UCLA In the News lists selected mentions of UCLA in the world’s news media. Some articles may require registration or a subscription to view. See more UCLA In the News.

Deserted oil wells haunt Los Angeles | Los Angeles Times

“It’s really about incompetence, playing games with politics,” said Michael Salman, a UCLA professor who watchdogs oil and gas issues. “It’s about shortsightedness.”

Georgia may update HIV laws for first time since AIDS crisis | Atlanta Journal-Constitution

More than 571 people have been arrested under Georgia’s laws between 1988 and September 2017, according to the UCLA School of Law’s Williams Institute, or roughly 27 people a year.

Seeking the essence of swamps | Los Angeles Times

On a brisk afternoon early last month, [Catherine] Opie, who in addition to being an artist is also a longtime UCLA professor (late last year, she became the first to hold the art department’s endowed chair in art), took time to talk about how she ended up hanging out in the swamps — and the TV shows she likes to watch to get away from them.

New insights about the Milky Way’s supermassive black hole | Australian Broadcasting Corporation

“We’ve been in for quite a show,” said UCLA’s Andrea Ghez. “After being able to do the first direct test of how gravity works near a black hole, we’ve been treated to a moment when the black hole appears to be in a state that it’s never been observed to be in before.”

U.S. response to coronavirus criticized | CNN International

“I think the issue of containment means… not having any local spread, and we do have areas of local spread in the United States at this time,” said UCLA’s Dr. Robert Kim-Farley.

Coronavirus questions are answered | CNN

It’s easy for asymptomatic people with coronavirus to spread the illness, said Dr. Anne Rimoin, an epidemiology professor at UCLA’s School of Public Health. “Certainly, when you speak, sometimes you’ll spit a little bit,” Rimoin said. “You’ll rub your nose. You’ll touch your mouth. You’ll rub your eyes. And then you’ll touch other surfaces, and then you will be spreading virus if you are infected and shedding asymptomatically.”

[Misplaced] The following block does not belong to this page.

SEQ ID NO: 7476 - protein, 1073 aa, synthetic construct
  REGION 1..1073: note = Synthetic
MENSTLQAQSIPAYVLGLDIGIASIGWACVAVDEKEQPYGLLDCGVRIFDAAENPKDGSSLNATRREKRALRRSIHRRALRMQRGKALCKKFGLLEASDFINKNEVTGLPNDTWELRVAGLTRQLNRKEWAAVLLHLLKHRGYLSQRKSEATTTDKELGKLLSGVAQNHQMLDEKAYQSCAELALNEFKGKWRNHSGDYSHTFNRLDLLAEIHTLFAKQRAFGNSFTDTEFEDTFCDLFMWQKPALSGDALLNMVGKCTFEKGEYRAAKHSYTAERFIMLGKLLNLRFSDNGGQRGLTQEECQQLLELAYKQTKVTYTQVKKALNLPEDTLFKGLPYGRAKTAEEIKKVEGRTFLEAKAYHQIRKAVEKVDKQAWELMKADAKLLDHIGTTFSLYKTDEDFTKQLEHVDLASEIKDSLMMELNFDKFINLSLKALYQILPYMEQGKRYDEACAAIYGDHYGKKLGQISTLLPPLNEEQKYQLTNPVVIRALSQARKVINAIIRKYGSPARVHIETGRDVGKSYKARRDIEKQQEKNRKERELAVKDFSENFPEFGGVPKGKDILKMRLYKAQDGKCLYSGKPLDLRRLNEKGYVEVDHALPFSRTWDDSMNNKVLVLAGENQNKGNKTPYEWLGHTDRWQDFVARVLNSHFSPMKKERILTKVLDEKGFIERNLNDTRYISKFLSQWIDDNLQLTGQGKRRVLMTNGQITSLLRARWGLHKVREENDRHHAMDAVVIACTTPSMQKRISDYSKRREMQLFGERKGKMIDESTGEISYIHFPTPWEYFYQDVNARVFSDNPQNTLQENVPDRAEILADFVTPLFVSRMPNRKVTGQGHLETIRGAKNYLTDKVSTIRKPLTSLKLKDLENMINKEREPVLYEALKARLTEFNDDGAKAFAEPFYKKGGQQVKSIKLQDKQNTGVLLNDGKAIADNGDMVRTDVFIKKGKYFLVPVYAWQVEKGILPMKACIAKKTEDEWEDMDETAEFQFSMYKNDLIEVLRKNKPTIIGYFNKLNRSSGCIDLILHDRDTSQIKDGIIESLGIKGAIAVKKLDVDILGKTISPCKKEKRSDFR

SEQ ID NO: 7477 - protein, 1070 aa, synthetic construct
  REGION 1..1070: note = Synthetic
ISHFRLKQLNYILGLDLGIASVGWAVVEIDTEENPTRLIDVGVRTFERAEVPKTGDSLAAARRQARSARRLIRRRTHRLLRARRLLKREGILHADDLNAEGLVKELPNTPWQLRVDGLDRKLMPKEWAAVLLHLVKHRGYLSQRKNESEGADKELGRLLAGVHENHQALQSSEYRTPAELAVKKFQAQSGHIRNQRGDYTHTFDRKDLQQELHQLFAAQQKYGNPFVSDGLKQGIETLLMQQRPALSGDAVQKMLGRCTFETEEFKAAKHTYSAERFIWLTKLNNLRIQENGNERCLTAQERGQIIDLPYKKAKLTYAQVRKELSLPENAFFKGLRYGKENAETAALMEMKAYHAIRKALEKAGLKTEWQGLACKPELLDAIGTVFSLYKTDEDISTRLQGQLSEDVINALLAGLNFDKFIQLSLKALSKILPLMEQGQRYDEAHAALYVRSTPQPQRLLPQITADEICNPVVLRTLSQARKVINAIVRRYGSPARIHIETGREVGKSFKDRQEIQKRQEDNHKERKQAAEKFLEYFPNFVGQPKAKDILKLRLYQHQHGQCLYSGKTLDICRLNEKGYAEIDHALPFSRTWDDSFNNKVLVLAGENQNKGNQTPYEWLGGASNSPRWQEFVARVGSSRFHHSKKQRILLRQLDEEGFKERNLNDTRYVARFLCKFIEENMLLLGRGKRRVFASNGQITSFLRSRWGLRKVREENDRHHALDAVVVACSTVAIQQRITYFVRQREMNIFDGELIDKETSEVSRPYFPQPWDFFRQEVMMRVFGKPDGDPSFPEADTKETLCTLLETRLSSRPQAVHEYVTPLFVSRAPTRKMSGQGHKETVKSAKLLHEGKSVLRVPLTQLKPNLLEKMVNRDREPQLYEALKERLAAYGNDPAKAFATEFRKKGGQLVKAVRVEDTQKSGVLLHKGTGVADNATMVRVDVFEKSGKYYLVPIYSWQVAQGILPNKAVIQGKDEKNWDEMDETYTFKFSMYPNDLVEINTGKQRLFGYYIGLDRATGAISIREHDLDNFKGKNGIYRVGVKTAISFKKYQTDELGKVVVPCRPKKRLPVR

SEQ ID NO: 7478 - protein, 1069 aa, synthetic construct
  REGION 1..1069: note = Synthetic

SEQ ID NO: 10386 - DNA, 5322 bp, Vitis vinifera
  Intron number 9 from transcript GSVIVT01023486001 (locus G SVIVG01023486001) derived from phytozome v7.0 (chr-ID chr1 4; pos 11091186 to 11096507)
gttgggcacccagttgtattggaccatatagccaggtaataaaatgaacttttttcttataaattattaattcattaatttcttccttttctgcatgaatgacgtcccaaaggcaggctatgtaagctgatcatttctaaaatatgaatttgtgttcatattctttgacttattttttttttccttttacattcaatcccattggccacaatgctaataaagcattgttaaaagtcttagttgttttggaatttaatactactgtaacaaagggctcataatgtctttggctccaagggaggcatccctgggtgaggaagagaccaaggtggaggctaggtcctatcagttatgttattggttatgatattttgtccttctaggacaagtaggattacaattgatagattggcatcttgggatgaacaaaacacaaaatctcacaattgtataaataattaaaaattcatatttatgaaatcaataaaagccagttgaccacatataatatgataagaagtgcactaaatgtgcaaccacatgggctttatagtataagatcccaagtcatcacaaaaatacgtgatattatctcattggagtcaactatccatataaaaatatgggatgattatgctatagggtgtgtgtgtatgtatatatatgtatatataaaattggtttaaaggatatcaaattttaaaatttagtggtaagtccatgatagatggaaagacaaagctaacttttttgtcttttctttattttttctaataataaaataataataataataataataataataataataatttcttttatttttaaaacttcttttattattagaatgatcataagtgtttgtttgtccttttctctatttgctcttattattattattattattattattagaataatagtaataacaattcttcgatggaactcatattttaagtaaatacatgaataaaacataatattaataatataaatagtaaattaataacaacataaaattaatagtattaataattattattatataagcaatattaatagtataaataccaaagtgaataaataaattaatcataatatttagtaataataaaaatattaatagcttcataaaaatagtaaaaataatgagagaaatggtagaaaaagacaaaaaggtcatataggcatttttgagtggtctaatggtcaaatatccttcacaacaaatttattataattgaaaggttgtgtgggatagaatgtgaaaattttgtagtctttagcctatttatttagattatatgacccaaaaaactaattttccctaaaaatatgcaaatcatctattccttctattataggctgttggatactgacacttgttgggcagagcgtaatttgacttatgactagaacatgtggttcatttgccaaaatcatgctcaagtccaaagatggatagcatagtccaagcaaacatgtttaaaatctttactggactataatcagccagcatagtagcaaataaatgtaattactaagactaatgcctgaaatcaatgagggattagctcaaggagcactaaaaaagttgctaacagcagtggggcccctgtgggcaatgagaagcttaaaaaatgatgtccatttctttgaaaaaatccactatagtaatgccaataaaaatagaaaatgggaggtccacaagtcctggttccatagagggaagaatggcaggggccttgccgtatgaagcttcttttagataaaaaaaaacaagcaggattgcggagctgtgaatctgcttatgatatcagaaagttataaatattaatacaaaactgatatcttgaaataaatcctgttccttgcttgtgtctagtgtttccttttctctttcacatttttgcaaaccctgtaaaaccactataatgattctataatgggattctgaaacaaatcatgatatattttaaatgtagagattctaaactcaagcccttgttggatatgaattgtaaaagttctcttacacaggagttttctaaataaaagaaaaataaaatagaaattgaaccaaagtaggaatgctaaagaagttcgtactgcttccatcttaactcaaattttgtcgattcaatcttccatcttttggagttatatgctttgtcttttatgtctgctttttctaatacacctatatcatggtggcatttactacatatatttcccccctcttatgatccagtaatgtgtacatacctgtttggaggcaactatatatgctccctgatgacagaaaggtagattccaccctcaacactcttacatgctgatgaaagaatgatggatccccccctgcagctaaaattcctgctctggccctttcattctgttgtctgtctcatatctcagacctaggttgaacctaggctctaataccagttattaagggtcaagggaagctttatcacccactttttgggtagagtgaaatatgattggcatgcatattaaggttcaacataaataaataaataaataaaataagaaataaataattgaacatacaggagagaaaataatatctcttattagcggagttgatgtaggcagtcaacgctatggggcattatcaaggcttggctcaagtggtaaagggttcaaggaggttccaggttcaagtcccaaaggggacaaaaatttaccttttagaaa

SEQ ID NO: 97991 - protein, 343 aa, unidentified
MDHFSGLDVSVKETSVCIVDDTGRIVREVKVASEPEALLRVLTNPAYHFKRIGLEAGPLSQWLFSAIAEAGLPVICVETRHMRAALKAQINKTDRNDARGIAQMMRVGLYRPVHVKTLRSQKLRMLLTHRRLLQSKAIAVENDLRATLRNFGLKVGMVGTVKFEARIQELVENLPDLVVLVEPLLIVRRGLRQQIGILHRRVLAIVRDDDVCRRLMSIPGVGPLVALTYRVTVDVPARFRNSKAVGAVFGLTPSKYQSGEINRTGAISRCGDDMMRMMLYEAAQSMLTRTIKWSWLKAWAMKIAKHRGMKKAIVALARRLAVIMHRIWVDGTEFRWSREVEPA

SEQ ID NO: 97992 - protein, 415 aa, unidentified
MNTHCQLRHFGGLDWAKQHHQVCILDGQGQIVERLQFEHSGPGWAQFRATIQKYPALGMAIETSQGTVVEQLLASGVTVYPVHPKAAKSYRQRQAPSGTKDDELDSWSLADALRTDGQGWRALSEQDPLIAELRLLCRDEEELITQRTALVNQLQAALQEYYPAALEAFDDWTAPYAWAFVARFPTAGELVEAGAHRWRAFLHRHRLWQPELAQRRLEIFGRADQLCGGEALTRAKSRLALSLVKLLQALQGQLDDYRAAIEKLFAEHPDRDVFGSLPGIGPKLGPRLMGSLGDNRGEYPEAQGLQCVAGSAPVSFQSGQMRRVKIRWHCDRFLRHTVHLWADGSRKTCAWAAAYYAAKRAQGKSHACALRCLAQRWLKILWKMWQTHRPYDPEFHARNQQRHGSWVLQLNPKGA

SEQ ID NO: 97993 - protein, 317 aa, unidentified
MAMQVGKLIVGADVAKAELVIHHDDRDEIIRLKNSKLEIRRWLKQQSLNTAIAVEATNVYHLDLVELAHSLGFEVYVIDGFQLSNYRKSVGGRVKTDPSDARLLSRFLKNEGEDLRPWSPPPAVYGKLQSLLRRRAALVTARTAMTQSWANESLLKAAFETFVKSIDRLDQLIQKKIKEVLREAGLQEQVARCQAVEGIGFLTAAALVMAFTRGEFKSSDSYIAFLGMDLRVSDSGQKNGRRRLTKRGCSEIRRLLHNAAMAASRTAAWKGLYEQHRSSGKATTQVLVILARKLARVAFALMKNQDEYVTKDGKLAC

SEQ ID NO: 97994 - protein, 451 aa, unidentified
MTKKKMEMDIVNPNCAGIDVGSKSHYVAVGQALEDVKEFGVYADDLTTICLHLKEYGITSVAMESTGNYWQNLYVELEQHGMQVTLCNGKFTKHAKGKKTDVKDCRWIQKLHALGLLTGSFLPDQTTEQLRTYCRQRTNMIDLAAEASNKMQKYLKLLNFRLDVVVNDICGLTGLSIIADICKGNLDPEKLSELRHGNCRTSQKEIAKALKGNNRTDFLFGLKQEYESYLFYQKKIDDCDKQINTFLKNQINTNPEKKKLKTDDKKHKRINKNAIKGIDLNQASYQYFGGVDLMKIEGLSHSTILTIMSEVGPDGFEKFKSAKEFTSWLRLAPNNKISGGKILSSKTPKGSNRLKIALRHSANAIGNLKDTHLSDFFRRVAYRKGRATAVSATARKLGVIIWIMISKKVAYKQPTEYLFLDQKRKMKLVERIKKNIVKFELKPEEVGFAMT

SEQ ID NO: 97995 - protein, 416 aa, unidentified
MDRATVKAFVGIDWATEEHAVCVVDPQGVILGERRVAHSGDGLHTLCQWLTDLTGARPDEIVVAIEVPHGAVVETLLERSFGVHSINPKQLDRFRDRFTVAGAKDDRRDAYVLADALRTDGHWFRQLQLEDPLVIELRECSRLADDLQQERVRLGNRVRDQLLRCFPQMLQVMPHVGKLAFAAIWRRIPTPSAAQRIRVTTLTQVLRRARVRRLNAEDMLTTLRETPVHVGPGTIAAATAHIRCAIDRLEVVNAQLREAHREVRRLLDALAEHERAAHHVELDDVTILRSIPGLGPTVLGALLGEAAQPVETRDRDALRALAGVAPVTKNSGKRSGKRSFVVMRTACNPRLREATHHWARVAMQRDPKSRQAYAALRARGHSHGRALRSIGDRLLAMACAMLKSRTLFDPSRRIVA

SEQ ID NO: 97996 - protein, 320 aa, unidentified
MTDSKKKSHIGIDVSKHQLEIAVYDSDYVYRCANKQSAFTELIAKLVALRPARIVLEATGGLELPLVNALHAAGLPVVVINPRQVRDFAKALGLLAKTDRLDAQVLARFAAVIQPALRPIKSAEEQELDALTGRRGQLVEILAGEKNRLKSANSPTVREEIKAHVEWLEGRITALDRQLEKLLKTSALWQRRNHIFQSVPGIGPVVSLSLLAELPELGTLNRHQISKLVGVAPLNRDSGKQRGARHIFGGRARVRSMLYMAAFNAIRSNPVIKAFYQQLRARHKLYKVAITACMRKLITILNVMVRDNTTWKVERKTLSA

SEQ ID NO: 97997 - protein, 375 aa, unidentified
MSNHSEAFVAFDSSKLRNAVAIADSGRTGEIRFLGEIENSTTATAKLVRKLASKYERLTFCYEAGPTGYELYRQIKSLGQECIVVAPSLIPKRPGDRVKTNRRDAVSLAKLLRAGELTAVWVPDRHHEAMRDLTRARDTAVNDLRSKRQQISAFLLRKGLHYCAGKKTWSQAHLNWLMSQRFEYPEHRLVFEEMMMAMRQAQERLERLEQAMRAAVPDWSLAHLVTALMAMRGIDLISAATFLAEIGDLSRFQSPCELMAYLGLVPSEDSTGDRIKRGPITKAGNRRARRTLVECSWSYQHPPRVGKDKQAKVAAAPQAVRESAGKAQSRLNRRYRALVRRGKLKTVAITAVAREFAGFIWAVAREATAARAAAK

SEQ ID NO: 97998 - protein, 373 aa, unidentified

What you need to know about coronavirus | Minneapolis Star Tribune

COVID-19 is a respiratory disease, much like influenza, and while there’s not a vaccine for it, there are ways to cope. The precautions used to fight influenza are the same ones that people should be using to stave off coronavirus and other respiratory diseases, said Timothy Brewer, a professor of epidemiology and medicine at UCLA’s Fielding School of Public Health.

Are your hands dry from all that washing? | Slate

When you’re washing your hands this much, it’s imperative to take the additional step of keeping them moisturized. Dr. Sara Hogan, a dermatologist at UCLA Medical Center, explains that your outermost layer of skin, the stratum corneum, is composed of dead skin cells, which shield your skin from dirt and microbes and also act as a guard to retain your skin’s moisture. Frequent hand-washing can disrupt this barrier, causing your skin to lose moisture.

An ode to nature’s hot dogs: moth caterpillars | Audubon

Morgan Tingley, a University of California, Los Angeles ornithologist, proposes another culinary comparison: “Caterpillars are like the bread of the diet of baby birds. They’re a staple.”

Why young men are turning to circumcision | Brisbane Times (Australia)

Jeffrey Klausner, professor of medicine at the UCLA Fielding School of Public Health, has advocated for routine circumcision for years. He said there are multiple benefits, including a reduction in urinary tract infections, which outweigh the risks of circumcision. He rejects the argument that no child should be circumcised until he is able to choose for himself. “Parents make decisions every day including vaccination, diet and education,” Professor Klausner said.